A quarterly publication of the Autism Research Institute

The Autism Research Review International is quarterly publication of the Autism Research Institute

Fall, 2022 | Number 4, Volume 36

Autism raises risk for depression in mothers, but maternal depression does not worsen kids’ behavior

A new study reports that mothers of children with autism spectrum disorders (ASD) have high rates of depression, but depression in these mothers does not lead to increased behavioral problems in their children. 

Danielle Roubinov and colleagues studied data collected from 86 mother-child pairs. Half of the mothers had children with ASD, and half had neurotypical children. The children were between two years and 16 years of age at the beginning of the study, although most were elementary school-age or younger. 

Collecting data from the pairs three times over a period of two years, the researchers found that about 50 percent of mothers of children with ASD had elevated levels of depressive symptoms at each interval. In contrast, only 5.9 percent, 13.6 percent, or 9.5 percent of mothers with neurotypical children (depending on the time frame) exhibited depression. 

The researchers found that regardless of ASD status, child behavior problems predicted higher levels of maternal depression later on. However, maternal depression did not predict later increases in child behavior problems. They conclude, “Parents who seek support for their children’s behavior problems are often referred to programs to improve parenting (and parenting stress), with limited attention to caregivers’ own mental health problems. Given the burden of depression, we contend that support for mothers is important even when children are the ‘target patients.’”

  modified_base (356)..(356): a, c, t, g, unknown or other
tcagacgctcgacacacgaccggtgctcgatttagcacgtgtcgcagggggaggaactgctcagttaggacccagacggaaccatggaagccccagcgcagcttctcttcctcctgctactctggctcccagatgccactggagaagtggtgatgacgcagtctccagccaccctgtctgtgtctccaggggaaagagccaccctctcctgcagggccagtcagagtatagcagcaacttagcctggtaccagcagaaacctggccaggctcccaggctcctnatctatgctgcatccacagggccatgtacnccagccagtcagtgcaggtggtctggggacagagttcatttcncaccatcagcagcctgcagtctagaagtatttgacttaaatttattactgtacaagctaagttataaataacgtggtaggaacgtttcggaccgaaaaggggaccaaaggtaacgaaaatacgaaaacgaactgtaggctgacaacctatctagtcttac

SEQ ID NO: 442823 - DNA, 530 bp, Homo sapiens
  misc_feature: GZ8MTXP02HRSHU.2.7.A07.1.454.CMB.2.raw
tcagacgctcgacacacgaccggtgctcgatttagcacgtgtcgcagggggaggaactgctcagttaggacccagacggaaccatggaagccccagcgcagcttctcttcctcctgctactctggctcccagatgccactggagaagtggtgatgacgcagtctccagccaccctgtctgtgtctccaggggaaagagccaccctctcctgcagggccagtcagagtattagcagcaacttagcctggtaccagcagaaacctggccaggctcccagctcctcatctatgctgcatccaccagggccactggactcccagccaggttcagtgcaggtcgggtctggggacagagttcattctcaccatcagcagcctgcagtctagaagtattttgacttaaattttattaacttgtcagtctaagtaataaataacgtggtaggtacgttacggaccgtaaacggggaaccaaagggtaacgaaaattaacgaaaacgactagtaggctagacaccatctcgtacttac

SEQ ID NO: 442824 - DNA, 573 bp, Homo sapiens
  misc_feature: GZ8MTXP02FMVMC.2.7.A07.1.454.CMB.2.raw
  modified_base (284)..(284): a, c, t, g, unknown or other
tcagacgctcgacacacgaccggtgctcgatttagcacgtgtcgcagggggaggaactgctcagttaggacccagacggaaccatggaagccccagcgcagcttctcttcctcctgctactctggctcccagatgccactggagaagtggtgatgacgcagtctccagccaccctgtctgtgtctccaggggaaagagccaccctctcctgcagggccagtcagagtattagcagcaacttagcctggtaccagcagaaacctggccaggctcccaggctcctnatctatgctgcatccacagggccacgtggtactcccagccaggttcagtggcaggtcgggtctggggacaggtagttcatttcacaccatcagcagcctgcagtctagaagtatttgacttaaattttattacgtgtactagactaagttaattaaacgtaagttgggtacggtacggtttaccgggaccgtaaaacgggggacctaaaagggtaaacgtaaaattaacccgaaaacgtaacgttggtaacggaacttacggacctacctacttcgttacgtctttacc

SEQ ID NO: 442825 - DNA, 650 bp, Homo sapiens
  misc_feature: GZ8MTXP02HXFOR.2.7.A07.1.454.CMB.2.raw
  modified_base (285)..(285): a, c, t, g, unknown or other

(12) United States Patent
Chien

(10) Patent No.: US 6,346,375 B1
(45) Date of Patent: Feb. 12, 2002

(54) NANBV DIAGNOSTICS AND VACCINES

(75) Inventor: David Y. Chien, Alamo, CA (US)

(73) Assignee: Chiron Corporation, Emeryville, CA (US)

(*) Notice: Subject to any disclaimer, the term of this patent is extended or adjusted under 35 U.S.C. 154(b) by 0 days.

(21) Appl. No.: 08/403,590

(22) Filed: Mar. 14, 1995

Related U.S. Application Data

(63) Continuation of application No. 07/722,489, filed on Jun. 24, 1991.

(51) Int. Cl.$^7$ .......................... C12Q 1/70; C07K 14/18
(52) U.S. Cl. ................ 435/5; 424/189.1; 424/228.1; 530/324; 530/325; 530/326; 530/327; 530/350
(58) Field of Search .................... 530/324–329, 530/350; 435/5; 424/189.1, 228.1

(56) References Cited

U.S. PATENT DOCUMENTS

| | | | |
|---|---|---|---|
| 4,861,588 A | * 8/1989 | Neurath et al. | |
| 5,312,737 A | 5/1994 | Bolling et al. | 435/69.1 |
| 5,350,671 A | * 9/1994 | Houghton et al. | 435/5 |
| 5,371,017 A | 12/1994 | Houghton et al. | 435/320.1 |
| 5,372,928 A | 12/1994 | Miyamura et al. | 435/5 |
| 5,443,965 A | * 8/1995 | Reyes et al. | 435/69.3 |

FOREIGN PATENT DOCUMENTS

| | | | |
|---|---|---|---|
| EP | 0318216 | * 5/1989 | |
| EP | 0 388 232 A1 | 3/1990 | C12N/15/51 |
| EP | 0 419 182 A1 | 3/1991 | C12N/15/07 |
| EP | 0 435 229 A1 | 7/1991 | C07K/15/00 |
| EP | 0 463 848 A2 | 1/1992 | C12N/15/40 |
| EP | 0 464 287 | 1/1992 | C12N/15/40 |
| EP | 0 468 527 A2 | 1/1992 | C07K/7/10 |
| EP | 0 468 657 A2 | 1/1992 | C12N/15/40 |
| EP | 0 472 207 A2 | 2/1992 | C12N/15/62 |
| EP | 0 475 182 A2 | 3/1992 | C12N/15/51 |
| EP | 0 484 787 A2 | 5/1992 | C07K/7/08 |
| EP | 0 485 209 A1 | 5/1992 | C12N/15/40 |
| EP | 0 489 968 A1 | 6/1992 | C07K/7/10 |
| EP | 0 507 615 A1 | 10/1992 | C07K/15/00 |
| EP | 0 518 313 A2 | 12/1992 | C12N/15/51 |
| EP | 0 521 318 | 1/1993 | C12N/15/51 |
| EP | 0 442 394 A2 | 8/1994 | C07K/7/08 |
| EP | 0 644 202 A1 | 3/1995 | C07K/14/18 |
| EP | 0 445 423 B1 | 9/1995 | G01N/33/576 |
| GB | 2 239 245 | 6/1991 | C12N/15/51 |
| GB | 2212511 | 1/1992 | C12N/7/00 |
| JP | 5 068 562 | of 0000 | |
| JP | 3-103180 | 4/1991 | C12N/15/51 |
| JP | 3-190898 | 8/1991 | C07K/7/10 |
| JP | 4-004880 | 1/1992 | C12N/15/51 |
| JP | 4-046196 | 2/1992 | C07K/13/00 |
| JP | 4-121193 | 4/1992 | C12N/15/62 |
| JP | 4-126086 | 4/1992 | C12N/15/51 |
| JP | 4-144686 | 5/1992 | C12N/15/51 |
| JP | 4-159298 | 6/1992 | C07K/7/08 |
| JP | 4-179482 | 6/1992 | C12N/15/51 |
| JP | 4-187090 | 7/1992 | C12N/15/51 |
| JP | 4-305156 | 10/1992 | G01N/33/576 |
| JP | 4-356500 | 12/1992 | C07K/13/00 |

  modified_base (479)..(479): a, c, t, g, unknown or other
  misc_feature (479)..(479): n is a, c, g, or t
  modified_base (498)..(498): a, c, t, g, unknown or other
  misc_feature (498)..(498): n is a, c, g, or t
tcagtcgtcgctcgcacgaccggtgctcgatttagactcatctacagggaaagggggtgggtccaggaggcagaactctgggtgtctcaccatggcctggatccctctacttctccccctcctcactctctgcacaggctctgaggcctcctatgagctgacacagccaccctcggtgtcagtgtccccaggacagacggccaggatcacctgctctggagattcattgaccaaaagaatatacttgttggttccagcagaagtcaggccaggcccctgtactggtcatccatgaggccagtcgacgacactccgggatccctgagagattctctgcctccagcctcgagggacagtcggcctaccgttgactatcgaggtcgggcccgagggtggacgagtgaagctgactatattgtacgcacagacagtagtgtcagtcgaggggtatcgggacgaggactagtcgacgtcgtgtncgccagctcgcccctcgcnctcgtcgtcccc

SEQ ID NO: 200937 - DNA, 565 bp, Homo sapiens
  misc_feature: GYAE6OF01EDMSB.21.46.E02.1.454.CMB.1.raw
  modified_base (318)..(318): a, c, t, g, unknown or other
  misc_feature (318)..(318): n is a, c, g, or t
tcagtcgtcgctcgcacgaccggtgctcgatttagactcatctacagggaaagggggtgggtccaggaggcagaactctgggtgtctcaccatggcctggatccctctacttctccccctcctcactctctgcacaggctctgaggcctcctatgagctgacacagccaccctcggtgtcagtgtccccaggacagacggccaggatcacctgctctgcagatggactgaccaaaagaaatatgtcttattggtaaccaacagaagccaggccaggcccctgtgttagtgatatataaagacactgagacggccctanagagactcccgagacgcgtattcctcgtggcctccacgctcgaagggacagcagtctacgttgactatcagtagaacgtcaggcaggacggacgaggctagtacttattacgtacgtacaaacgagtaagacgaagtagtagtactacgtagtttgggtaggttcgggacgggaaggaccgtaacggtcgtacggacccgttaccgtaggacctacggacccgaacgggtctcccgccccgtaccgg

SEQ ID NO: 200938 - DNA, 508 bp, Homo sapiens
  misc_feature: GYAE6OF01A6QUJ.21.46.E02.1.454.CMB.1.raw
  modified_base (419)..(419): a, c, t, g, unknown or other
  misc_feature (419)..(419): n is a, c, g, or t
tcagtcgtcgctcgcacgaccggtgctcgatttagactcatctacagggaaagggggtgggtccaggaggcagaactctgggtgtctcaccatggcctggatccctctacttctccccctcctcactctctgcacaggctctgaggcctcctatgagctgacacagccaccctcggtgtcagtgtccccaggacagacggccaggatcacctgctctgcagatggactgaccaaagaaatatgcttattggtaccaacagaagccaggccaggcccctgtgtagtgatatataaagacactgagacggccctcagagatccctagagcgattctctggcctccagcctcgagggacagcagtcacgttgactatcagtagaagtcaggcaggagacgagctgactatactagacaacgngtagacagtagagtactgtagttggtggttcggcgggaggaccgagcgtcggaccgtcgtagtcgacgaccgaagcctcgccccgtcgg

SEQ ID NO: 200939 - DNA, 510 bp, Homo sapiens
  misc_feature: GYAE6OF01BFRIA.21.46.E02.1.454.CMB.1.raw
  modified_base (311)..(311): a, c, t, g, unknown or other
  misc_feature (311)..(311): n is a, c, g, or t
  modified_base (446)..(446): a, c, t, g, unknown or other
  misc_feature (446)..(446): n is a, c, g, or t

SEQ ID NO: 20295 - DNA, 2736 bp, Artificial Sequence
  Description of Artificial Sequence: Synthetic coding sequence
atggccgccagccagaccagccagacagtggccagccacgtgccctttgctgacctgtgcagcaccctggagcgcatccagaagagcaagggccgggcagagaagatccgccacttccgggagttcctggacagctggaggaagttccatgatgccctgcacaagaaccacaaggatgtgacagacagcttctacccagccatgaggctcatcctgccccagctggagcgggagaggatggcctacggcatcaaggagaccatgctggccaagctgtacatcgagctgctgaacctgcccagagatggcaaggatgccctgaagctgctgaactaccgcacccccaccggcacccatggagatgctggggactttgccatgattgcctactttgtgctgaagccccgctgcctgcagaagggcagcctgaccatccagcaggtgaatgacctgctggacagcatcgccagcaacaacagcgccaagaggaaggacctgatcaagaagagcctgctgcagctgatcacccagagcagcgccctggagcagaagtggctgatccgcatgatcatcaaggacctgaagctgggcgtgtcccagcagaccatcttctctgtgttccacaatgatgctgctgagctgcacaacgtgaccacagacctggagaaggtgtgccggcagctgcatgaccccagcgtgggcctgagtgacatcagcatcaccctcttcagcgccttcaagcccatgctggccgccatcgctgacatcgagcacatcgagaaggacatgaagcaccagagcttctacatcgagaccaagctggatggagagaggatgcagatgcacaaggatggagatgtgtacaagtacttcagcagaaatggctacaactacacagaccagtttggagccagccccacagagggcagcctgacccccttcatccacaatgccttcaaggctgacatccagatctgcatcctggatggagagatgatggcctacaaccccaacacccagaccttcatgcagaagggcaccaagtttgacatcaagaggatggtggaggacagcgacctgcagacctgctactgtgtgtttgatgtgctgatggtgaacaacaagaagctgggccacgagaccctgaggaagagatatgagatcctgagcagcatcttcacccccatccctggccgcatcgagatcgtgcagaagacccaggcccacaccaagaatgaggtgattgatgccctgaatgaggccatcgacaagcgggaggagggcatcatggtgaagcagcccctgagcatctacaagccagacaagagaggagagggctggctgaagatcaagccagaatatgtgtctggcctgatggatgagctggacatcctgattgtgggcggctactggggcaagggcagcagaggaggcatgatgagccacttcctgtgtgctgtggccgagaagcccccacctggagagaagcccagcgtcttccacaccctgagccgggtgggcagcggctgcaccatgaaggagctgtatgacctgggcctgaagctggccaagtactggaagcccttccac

Roubinov comments, “The finding that maternal depression does not lead to worsened child symptoms is especially important for mothers of children with ASD to help alleviate guilt many mothers feel about their children’s diagnosis and behavior problems. We hope these findings will reassure mothers both that it’s common to struggle with some depression in this high-stress situation of chronic caregiving and that their depression likely isn’t making their child’s behavioral issues worse.”


Citations

“Is it me or my child? The association between maternal depression and children’s behavior problems in mothers and their children with or without autism,” Danielle Roubinov, Brian Don, Robin Blades, and Elissa Epel, Family Process, August 26, 2022 (free online). Address: Danielle Roubinov, Department of Psychiatry and Behavioral Sciences, University of California, San Francisco, CA, 94143, [email protected]

—and— 

“Half of moms of kids with autism have high depressive symptoms,” news release, University of California, San Francisco, August 26, 2022.